The natural hair journey is certainly one of learning! Over the past 3 or 4 years since I stopped wearing my hair straightened by heat ALL the time, I have had to learn how to manage, maintain and style my curly mane.
As I said in my first post about natural hair, I have made many mistakes along the way! I hope this post will be useful especially for other thinned haired ladies like myself, in things you MAY want to avoid. Of course no to heads of hair are the same so do play around a bit to see what works for you. First I’ll detail the evolution of the techniques/processes I’ve used on my hair, and in the next post I’ll talk more specifically about the products.
In the beginning… I would just wash my hair without putting it into sections first. I would try and just keep my head either facing down of leaning right back so that all my hair fell the same direction. That was my only precaution against tangles. Of course this led to extreme knotting and breakage. Then I stumbled across YouTube, and in particular the naptural85 channel, where Whitney taught me about dividing my hair into chunky twist sections before washing. This was a MASSIVE help in reducing tangling.
Then… I added a few other things in such as a hot oil treatment before washing, and then after washing, a deep conditioner followed by twisting my hair in readiness for the twist out hairstyle to be worn the next day. Basically the whole routine would take me the whole day! I could not live that way, and I was beginning to hate my natural hair for taking up so much of my time. So I started to wash my hair in large sections and where possible, cut down on deep conditioning time.
Now… I clarify and wash my hair whilst it is in my new favourite styling option; mini twists! I also condition my hair whilst still in mini-twists, wash out the conditioner and then when the hair is still wet, redo each twist one at a time, adding a little leave-in conditioner and half a drop of oil to each mini section. But more on that below.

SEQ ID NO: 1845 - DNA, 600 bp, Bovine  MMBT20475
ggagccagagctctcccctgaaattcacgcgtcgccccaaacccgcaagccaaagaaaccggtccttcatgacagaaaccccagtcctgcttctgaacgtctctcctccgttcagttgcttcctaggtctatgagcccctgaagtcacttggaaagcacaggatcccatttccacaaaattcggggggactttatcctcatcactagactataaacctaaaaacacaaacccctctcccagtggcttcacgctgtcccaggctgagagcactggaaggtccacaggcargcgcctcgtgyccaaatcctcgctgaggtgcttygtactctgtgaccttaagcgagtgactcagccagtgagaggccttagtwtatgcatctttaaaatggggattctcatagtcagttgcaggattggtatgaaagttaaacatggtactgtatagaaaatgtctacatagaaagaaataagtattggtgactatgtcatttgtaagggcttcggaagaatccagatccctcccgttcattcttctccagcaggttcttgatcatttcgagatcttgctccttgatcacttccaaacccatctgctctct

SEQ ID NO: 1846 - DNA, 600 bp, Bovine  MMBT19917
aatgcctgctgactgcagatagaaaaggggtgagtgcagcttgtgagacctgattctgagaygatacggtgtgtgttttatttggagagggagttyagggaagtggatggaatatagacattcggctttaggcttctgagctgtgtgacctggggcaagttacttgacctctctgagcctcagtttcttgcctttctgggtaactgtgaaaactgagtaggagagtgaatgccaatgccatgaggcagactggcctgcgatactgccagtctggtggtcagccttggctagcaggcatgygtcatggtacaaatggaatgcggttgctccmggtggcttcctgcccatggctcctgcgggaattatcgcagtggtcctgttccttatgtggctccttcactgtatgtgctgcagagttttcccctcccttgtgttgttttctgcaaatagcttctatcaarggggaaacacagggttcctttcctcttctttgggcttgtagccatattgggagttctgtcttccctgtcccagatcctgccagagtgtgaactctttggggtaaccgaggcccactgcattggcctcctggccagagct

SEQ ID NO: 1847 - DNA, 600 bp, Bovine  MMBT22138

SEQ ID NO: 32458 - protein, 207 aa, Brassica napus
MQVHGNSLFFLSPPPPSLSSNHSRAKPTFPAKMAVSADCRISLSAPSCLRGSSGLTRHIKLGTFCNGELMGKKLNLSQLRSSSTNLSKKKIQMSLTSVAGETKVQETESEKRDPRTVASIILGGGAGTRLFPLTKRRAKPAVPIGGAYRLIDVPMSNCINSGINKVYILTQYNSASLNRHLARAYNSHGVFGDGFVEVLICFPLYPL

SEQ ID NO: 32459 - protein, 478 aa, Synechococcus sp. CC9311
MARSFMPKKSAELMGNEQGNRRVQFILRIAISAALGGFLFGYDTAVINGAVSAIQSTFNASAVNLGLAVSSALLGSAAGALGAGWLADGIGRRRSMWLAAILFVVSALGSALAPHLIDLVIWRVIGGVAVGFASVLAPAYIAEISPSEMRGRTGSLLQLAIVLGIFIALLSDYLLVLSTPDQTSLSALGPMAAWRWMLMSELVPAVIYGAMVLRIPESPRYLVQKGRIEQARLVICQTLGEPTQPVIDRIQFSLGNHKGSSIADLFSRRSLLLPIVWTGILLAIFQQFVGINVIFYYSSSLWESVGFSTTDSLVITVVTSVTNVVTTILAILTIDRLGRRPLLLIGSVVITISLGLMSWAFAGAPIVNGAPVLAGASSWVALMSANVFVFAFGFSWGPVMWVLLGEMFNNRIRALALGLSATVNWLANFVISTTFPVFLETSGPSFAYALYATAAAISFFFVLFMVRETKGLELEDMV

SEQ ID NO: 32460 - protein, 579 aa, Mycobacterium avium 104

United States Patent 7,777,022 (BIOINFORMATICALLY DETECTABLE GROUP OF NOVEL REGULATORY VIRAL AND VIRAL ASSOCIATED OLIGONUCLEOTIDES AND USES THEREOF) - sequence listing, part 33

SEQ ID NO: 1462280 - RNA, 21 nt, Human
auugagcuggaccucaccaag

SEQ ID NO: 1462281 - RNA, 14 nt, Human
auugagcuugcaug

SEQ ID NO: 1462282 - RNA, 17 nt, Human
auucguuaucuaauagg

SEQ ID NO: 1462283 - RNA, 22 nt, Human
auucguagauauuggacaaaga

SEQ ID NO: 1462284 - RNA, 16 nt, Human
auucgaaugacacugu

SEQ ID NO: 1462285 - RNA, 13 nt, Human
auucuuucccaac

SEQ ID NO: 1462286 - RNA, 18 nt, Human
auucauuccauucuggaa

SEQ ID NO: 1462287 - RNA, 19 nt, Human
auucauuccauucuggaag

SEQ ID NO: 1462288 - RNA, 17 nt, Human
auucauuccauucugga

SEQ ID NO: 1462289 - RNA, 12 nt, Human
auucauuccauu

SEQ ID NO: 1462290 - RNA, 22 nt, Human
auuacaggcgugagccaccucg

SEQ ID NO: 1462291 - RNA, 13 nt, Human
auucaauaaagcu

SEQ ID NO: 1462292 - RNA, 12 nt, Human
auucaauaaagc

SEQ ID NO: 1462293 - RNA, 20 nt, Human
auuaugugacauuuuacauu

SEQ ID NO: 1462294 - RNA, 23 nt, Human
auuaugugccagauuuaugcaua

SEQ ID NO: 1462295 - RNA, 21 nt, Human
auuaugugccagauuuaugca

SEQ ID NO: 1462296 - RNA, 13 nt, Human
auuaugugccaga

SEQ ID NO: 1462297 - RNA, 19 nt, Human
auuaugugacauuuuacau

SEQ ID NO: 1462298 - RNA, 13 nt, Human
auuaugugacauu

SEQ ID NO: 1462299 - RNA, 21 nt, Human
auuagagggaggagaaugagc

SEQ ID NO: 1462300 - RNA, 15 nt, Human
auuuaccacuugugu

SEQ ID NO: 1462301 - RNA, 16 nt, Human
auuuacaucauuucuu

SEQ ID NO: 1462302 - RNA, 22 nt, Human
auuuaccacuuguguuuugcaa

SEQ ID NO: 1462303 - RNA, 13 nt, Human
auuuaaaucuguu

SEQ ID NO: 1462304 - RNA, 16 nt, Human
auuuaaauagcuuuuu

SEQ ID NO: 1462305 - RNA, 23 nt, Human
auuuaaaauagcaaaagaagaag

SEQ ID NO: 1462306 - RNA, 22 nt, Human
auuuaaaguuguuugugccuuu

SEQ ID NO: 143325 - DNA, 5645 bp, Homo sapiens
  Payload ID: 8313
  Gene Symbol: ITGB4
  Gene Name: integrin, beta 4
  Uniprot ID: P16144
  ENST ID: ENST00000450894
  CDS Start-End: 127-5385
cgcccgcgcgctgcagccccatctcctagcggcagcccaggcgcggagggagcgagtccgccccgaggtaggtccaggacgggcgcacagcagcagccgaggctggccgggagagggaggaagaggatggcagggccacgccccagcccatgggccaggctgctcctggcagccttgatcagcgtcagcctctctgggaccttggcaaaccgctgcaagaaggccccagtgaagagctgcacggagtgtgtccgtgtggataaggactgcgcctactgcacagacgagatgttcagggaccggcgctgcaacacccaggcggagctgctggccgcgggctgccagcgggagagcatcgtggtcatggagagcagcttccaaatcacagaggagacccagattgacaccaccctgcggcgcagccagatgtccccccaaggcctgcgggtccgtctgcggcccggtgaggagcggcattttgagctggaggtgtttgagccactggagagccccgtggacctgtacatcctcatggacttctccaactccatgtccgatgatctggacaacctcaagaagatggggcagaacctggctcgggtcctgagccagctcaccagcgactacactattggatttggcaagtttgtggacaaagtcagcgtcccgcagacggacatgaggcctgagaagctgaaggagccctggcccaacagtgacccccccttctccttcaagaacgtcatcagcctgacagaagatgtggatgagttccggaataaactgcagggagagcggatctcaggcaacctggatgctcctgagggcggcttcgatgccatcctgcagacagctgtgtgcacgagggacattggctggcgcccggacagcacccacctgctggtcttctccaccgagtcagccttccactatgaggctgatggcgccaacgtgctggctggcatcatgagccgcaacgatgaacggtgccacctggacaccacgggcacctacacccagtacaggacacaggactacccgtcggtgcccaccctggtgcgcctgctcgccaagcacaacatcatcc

In the beginning… this did not even feature in my vocabulary! It brings a picture to mind of when your head phones get into a knot and you have to carefully unwind them, and tease the straps apart to remove the tangle. What I would do with my hair, was far from that! Initially I would simply rake a comb through my hair, in fact, it was the afro pik attachment to a hair dryer that I would use while blowing it out and getting it ready for the straighteners (flat iron for you American ladies). I would pick out the knots that had been ripped from my hair from between the prongs of the comb, and then stare helplessly at my now even thinner hair, in the mirror.
Then… I started to use my fingers more and more to try and detangle knots in my hair and afterwards use a comb followed by a Denman brush when I became too frustrated/tired/lazy to continue finger detangling. I would only do this when my hair was wet though. And I quickly learned the importance of using a conditioner “with SLIP”. However tiredness and laziness would often get the better of me and I would find myself reaching for the Denman far too quickly.